Leading international rugby figures have refuted suggestions from Wallaby great Phil Kearns that World Rugby board member Bart Campbell has a “conflict of interest”, dubbing the allegation “spurious” and “risible”.
Campbell, who was appointed to the World Rugby executive council two years ago, is a partner with the sports marketing company Left Field Live, which is co-ordinating an Asia Pacific-wide tour of English Premier League teams, including Manchester United.
The tour has coincided with recent Wallabies games and Rugby Australia officials have privately and publicly suggested it affected crowd figures, including a game at Optus Stadium in Perth at which 47,668 turned out – well short of the 60,000 capacity.
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But World Rugby, which is led by England’s Sir Bill Beaumont, refuted suggestions Campbell had broken a code of conduct, while New Zealand chair Stewart Mitchell said Kearns’s observations were wrong and “spurious”.
“I read the comments from Phil Kearns last week with bemusement and concern,” Mitchell said.
“Bart Campbell is a widely experienced senior executive operating in the international sports industry. As such we value his contribution to our board. His business interests are fully disclosed and known to us, as I understand they are to World Rugby.
“To suggest he is personally responsible for a poor rugby crowd attendance in a highly competitive Australian sports market is risible. I seriously question the motive behind such a spurious allegation.”
While Campbell declined to comment to The Australian, a World Rugby spokesperson in a statement also dismissed insinuations that Campbell had breached its code of conduct.
World Rugby confirmed that “within its integrity code, World Rugby operates a robust Code of Conduct governing all persons appointed to the international federation’s council, board and committees.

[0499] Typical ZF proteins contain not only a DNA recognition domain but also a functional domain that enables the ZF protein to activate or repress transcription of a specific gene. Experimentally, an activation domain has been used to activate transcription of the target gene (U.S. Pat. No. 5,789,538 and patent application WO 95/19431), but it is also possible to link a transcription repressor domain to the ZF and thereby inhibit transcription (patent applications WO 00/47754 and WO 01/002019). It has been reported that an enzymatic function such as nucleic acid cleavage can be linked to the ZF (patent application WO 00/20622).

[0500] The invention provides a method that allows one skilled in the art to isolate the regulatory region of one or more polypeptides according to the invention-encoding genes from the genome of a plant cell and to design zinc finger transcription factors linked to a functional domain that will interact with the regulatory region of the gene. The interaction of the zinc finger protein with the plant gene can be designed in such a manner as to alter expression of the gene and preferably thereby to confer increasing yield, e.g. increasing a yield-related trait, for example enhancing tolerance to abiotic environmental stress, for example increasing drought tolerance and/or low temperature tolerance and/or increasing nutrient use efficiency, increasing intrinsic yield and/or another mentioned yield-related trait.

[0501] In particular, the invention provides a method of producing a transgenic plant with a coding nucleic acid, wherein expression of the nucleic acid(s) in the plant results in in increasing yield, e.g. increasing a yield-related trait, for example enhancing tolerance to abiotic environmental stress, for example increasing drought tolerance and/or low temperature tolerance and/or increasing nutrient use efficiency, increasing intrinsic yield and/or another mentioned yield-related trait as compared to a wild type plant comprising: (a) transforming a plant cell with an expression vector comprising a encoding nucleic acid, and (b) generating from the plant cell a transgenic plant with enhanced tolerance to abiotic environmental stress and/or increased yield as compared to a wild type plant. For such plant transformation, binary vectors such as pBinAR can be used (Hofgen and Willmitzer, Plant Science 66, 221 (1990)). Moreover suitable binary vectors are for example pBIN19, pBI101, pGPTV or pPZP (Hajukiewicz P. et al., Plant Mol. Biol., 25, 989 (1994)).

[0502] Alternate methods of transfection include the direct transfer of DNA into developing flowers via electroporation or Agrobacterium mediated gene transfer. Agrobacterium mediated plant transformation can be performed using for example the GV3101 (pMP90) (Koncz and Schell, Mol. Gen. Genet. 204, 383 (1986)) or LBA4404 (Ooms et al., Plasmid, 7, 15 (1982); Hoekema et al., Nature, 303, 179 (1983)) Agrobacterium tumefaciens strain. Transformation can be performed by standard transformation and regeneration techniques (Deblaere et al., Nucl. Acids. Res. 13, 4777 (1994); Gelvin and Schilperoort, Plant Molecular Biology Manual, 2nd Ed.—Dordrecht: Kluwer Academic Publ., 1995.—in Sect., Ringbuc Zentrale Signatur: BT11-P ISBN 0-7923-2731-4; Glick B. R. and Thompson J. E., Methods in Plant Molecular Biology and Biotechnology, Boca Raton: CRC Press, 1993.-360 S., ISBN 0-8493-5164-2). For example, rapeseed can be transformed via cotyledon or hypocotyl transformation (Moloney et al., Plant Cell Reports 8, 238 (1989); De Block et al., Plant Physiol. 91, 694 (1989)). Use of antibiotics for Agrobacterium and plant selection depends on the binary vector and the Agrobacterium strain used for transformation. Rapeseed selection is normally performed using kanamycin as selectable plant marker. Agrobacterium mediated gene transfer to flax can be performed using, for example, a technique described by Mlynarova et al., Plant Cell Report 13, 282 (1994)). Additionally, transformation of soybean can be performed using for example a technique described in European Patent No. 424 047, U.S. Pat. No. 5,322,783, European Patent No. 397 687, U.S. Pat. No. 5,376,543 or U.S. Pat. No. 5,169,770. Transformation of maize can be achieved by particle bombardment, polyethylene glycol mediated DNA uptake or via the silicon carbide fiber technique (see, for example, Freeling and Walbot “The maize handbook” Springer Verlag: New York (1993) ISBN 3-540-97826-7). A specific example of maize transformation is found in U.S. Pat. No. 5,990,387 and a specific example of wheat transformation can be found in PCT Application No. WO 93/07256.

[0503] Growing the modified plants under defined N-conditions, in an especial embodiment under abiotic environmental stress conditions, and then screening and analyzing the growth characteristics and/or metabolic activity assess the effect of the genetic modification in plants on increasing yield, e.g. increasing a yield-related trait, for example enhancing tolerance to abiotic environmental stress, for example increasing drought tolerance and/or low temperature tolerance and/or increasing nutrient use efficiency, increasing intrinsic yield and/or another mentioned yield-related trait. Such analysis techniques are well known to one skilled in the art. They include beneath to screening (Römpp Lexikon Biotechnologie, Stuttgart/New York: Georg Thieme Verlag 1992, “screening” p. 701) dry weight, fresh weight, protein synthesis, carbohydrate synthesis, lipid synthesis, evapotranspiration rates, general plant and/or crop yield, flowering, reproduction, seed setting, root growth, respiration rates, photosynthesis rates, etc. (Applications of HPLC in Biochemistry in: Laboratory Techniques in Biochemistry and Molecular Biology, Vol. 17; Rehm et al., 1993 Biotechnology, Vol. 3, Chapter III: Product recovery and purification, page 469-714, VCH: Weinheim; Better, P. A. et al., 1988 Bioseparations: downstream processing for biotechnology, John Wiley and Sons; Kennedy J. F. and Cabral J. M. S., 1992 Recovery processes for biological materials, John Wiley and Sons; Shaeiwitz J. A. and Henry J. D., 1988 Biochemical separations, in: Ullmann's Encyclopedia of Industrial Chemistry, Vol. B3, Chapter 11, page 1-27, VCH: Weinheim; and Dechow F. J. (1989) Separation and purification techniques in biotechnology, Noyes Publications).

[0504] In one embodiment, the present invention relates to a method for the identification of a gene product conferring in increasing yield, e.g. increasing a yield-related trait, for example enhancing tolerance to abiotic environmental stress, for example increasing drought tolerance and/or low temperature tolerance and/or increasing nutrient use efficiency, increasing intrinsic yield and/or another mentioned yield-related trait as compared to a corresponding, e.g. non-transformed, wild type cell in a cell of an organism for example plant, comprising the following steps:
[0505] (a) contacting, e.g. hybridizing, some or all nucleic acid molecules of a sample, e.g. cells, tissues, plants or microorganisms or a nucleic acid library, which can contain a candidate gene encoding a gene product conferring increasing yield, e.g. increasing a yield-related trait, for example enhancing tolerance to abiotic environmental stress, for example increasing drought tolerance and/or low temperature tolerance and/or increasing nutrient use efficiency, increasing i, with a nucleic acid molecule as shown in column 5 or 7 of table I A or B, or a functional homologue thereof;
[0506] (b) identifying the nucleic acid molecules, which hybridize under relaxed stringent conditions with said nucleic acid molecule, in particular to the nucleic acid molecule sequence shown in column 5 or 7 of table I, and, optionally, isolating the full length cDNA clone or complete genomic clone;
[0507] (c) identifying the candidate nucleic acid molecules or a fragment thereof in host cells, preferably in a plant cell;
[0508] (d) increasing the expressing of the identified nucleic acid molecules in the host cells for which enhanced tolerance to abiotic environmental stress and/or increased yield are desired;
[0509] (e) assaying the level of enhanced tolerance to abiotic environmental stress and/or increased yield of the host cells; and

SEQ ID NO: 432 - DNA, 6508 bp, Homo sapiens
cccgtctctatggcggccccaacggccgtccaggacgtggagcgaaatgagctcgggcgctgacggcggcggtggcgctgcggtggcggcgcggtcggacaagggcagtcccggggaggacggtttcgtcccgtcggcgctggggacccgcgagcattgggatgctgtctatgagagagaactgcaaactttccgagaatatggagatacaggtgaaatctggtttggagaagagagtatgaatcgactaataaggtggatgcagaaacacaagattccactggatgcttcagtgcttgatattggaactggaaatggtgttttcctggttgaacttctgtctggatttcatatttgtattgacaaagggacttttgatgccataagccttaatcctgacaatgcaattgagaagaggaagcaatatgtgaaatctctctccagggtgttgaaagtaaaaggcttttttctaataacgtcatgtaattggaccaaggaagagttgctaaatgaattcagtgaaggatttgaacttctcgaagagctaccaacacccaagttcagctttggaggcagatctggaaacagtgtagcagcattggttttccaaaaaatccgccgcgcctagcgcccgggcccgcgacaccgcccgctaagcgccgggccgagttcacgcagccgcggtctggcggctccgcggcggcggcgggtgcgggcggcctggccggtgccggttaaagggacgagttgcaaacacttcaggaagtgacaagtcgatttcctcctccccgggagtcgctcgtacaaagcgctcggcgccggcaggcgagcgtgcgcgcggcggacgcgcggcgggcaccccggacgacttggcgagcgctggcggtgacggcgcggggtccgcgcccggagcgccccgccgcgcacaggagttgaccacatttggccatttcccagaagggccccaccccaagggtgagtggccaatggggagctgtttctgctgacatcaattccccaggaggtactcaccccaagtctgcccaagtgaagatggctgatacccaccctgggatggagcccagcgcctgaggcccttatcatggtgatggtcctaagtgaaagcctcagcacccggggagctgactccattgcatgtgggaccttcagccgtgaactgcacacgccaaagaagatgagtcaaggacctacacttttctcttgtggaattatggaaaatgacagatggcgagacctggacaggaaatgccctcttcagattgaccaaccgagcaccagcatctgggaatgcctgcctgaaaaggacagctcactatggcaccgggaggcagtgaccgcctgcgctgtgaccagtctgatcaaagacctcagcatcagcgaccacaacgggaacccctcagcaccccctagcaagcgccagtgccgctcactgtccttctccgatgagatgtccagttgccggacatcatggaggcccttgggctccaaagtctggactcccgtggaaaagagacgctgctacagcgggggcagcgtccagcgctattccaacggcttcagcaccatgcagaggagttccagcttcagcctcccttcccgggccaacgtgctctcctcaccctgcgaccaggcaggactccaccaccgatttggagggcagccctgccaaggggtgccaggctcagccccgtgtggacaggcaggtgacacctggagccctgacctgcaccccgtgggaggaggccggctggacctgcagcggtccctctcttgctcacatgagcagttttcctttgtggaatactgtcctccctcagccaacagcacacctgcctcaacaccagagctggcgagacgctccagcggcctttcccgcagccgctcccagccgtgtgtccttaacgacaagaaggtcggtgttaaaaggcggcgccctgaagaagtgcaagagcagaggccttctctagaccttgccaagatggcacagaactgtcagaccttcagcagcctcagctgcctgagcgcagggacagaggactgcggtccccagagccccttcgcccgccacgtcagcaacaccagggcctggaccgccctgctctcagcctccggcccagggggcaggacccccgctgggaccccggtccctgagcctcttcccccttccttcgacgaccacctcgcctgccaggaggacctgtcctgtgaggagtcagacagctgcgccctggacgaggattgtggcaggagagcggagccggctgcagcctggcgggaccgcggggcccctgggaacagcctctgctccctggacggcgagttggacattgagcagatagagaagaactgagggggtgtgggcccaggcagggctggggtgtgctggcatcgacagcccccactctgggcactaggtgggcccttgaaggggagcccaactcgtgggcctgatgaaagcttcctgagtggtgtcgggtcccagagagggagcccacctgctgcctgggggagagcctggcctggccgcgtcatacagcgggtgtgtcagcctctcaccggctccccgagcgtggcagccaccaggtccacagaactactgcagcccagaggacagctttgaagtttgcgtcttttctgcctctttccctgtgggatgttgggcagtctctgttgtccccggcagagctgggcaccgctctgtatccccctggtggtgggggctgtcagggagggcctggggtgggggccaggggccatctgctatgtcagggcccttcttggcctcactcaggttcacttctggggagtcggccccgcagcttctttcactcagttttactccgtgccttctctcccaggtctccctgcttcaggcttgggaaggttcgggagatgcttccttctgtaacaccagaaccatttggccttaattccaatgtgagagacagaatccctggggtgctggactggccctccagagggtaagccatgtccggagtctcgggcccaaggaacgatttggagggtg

“In line with best practice, the Code of Conduct necessitates all persons to declare any potential conflict of interests relating to any item of business.
“These are recorded within an interests register and any potential conflicts are managed appropriately to ensure fairness.
“As with all directors serving on World Rugby’s executive committee and Rugby World Cup board, Bart Campbell has fully complied with the reporting requirements under the Code of Conduct.
“Conflicts arising, if any, have been dealt with appropriately.”
A NZ rugby insider and supporter of Campbell said the allegations were “plain wrong”.
“The premise that football is entirely responsible for the below-capacity turnout in Perth is a nonsense which simply cannot be substantiated.
“The suggestion that anyone with involvement in sport outside rugby is conflicted from fulfilling their duties as a non-executive director in rugby is self-serving and plain wrong.”
Another said Rugby Australia’s continued attacks on New Zealand Rugby and its officials were unwarranted and noted: “NZR’s position is simple. We need each other, and together we are stronger.
“NZR and its Super teams are fully committed to working out a new revenue share arrangement with RA for Super Rugby broadcast income from 2024 in the appropriate forum, as per the contract the current RA chair and CEO negotiated last year. If RA chose an alternative path as they are entitled to do, we will reluctantly and with a heavy heart wish them well.
“Surely RA do not think attacking NZR will help them achieve the outcome they desire? Petty squabbles in public are harmful to the game, it’s commercial appeal and are generally unedifying for the sport.
“Sensitive, constructive conversations around a table remain the best way to resolve open issues. Continued public saber rattling just hardens resolve and is detrimental to the process.”
An experienced defamation lawyer, Matthew McClelland QC, was asked whether Campbell had been defamed but wouldn’t personalize it to Phil Kearns, preferring to make his comments in a general sense. McClelland said the statement that someone had engaged, or even potentially engaged, in a conflict of interest was defamatory.
“To be accused of being in a conflict of interest is a serious allegation,” he said. “Ordinary readers would likely think less of the person so accused. If the person was involved in a senior public position, such an allegation could seriously damage their reputation and, I expect, could even cause the person actual financial losses.”
McClelland said that allegations of conflicts of interest would normally have to be defended under a truth defence.
“If a reader is unable to distinguish between what is opinion and what is fact, then a defense of honest opinion will fail,” he said.